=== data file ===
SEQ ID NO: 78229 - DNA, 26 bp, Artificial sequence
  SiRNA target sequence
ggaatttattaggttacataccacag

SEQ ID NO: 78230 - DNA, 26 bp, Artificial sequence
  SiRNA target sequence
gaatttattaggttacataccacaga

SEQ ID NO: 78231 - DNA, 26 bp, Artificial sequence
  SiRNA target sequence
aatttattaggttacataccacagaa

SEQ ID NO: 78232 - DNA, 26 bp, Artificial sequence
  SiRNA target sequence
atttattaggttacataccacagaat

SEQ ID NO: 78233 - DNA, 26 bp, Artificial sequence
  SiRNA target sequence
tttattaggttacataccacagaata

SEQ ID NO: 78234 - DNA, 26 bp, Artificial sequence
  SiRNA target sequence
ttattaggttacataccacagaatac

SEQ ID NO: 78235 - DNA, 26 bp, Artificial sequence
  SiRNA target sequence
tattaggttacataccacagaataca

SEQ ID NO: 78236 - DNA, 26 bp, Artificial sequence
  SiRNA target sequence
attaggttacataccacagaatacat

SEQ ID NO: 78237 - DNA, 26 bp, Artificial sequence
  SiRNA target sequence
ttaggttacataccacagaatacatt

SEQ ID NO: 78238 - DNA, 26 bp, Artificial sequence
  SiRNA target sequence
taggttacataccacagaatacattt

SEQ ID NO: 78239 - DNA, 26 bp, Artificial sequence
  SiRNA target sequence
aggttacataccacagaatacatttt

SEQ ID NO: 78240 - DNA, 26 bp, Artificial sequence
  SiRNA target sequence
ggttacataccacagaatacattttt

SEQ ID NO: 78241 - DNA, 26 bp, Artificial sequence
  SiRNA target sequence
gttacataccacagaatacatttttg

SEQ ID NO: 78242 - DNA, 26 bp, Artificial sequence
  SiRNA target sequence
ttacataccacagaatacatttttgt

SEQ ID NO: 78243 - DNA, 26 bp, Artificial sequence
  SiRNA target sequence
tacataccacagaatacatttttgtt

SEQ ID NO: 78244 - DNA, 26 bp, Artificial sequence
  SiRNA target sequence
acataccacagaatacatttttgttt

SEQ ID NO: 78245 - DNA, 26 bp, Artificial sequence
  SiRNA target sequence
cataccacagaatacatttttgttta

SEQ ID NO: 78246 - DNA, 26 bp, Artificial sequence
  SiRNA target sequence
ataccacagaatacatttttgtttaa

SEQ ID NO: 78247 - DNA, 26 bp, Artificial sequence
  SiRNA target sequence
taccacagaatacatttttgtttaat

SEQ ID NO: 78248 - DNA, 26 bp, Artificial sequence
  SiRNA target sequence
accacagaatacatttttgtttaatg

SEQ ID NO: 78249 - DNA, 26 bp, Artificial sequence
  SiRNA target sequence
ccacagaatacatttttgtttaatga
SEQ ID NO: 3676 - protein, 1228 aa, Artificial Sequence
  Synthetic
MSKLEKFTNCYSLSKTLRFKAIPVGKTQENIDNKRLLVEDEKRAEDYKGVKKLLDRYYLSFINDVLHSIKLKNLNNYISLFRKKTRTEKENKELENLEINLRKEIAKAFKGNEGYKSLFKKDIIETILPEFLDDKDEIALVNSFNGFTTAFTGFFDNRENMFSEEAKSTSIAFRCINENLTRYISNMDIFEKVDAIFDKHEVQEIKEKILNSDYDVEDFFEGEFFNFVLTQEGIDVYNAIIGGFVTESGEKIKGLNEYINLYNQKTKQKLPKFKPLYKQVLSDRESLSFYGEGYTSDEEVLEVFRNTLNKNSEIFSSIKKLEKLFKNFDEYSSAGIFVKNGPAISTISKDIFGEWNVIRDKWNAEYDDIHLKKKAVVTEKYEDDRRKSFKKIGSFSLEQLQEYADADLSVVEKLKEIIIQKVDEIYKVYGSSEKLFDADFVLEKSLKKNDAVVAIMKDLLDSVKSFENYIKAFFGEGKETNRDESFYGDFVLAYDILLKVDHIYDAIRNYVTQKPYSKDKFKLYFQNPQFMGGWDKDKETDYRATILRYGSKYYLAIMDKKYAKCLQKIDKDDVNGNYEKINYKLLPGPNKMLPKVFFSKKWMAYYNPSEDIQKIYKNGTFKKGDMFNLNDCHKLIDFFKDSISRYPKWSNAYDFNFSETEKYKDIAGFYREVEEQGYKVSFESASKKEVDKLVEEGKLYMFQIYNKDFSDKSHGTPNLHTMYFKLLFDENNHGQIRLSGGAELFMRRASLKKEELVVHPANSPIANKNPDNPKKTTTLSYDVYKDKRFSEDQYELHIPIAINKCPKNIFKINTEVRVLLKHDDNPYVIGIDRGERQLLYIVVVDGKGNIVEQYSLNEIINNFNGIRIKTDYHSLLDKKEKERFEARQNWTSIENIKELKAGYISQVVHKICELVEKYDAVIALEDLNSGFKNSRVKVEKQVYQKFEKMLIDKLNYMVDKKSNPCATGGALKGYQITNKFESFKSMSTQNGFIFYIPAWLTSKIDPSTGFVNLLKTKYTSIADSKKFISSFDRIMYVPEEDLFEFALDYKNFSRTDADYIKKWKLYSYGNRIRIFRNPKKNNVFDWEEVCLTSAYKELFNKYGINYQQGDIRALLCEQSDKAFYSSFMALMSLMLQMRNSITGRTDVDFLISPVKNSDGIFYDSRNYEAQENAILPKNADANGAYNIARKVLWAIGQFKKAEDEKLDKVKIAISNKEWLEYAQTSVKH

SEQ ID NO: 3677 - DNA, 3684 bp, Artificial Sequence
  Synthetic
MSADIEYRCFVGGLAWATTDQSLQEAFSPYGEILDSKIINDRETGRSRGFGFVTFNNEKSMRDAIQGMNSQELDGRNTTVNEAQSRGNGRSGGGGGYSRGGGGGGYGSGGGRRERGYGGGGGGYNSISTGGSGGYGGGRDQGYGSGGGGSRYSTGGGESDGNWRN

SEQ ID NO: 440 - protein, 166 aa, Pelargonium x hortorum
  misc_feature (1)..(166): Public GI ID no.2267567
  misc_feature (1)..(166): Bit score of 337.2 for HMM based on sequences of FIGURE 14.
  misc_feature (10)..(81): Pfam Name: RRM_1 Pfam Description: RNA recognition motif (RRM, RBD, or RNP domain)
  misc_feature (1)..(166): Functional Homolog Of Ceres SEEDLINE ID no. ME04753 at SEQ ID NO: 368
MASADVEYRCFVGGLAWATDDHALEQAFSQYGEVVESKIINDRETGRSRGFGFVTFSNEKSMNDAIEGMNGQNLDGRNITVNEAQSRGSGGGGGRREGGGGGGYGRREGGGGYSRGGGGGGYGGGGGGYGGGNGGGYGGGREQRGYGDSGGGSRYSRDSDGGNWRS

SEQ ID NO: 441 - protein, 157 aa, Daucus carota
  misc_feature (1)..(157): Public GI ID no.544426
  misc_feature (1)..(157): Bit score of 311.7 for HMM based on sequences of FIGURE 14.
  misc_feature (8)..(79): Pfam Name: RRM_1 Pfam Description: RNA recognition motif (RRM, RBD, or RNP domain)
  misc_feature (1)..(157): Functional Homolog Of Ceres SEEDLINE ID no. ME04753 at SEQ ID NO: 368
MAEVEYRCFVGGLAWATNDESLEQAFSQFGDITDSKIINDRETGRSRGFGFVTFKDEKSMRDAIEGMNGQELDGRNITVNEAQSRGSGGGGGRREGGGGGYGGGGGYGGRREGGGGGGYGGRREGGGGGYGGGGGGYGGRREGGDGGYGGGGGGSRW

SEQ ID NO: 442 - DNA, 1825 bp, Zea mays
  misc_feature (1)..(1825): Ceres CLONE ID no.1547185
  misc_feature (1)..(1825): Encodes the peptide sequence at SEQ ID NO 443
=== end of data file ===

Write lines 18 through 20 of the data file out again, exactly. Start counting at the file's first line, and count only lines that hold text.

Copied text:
ttattaggttacataccacagaatac

SEQ ID NO: 78235 - DNA, 26 bp, Artificial sequence
  SiRNA target sequence